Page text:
A law approved by the European Union Justice Ministers in 2010, ensuring the supply of translators and interpreters at criminal proceedings took effect as of last month. The law provided three years for the members of the European Union to adopt the measures so that every country had enough time to plan for the proper translation of information of all kinds and for the arrangements related to court interpreters, who belong to a generally complicated employment area affected by the insufficient number of trained professionals.
In October 2010, the European Union Justice Ministers passed the first of a series of measures to standardise the criminal system around the European Union. The piece of legislation established that every suspect has the right to have access to an interpreter, who should be assigned to him or her for the entirety of the proceedings in any case they need one. In that way, suspects would understand what is happening around them, both in the trial and while they receive legal advice from their lawyers.
The law also establishes the need for all the paperwork to be translated into the suspect’s language, together with any other essential document. This constitutes another way of ensuring the right to a fair trial in all courts in the European Union. The costs of all the translation and interpreting services are to be covered by the Member States instead of the suspects.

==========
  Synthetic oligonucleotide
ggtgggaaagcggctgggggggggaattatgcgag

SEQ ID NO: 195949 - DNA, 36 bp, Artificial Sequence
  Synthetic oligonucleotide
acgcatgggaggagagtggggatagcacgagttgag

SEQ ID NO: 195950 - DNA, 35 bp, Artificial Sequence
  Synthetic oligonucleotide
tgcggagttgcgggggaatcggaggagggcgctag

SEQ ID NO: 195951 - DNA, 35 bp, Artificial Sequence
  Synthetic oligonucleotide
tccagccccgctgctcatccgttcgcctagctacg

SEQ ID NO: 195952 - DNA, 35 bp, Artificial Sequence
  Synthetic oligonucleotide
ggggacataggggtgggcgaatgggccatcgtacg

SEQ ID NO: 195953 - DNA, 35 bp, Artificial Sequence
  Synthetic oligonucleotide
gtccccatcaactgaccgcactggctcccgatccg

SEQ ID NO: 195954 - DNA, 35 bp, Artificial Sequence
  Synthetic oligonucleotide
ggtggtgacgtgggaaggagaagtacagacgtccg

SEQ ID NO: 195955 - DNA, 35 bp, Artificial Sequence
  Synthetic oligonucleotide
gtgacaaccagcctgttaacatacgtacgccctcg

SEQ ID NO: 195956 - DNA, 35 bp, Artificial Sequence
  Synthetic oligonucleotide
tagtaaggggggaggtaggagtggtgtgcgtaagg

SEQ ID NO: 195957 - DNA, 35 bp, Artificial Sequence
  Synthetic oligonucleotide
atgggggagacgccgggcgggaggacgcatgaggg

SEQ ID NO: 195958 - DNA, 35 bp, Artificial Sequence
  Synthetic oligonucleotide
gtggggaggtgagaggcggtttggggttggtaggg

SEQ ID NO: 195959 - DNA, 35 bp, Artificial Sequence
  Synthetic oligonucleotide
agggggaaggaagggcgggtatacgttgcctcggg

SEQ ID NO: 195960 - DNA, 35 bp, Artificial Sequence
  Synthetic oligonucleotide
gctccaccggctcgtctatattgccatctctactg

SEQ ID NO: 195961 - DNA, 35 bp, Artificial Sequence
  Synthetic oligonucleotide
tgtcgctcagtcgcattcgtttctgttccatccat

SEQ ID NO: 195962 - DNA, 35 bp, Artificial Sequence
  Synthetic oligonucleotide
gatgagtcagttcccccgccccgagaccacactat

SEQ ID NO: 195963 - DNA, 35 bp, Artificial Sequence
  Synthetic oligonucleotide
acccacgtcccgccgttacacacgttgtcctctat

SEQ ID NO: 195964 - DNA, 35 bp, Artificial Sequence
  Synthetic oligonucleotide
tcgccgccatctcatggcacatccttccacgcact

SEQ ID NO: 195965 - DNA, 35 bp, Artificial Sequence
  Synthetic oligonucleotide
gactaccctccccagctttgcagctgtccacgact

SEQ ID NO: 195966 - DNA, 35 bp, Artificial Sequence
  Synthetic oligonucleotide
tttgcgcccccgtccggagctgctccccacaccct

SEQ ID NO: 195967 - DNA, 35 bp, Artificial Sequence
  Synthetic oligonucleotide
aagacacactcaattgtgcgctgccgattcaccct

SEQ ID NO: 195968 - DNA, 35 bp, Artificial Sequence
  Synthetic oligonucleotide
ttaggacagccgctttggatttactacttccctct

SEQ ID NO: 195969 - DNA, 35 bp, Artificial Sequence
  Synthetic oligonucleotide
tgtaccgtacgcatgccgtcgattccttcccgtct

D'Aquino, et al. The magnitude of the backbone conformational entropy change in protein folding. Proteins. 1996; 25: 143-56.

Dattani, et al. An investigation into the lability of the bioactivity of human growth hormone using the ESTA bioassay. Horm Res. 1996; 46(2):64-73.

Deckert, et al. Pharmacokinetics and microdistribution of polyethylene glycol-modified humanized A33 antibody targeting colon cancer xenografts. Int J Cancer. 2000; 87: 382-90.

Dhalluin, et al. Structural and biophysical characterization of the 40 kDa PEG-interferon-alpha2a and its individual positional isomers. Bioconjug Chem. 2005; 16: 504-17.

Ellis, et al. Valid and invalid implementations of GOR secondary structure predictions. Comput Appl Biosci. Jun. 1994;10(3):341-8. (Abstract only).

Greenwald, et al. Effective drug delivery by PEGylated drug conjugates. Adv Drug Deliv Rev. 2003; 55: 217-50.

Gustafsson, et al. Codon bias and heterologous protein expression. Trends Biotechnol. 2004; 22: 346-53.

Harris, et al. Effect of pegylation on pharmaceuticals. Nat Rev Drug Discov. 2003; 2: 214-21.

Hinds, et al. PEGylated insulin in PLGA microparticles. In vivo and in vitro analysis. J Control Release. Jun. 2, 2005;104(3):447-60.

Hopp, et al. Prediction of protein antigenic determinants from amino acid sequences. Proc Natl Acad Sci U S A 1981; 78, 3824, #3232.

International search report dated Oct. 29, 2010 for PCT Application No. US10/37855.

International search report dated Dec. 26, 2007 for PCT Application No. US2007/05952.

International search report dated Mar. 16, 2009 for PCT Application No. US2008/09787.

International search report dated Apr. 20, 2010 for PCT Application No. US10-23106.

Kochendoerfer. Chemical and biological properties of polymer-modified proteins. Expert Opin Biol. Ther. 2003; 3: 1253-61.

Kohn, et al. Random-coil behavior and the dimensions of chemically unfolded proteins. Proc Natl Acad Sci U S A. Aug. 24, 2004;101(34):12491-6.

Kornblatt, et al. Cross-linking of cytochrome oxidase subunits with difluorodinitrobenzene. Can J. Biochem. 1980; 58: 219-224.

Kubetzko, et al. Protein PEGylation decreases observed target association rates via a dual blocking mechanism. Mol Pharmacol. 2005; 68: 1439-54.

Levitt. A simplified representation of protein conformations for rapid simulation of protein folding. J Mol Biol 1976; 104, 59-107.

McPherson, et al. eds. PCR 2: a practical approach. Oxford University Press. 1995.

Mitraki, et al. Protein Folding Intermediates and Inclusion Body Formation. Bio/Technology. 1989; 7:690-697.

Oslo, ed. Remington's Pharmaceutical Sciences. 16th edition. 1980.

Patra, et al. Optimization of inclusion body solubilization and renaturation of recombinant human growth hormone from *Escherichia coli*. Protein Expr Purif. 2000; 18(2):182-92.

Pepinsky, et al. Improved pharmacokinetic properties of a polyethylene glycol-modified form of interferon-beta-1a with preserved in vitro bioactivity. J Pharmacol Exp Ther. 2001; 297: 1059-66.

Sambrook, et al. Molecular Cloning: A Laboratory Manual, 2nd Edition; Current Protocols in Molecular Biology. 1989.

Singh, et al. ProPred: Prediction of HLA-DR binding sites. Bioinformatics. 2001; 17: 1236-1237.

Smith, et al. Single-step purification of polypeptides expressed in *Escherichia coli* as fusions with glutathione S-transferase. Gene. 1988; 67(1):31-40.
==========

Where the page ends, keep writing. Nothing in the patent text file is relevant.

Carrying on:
According to the European Union’s Justice Commissioner Viviane Reding, the Commission will be on the lookout for those countries which do not follow the new law, as it is already meant to be happening. She highlighted the importance of following the directives as a way to ensure the affirmation of individual rights.
The Rationale behind the Law
The law is the first one to ever establish a common standard to protect the rights of suspects in criminal cases across countries in the European Union. The reason behind the measure is related to the idea that, without these standards, authorities from different countries would be reluctant to allow for an individual to be trialled in a country other than their own, thus deeming tools such as the European Arrest Warrant useless.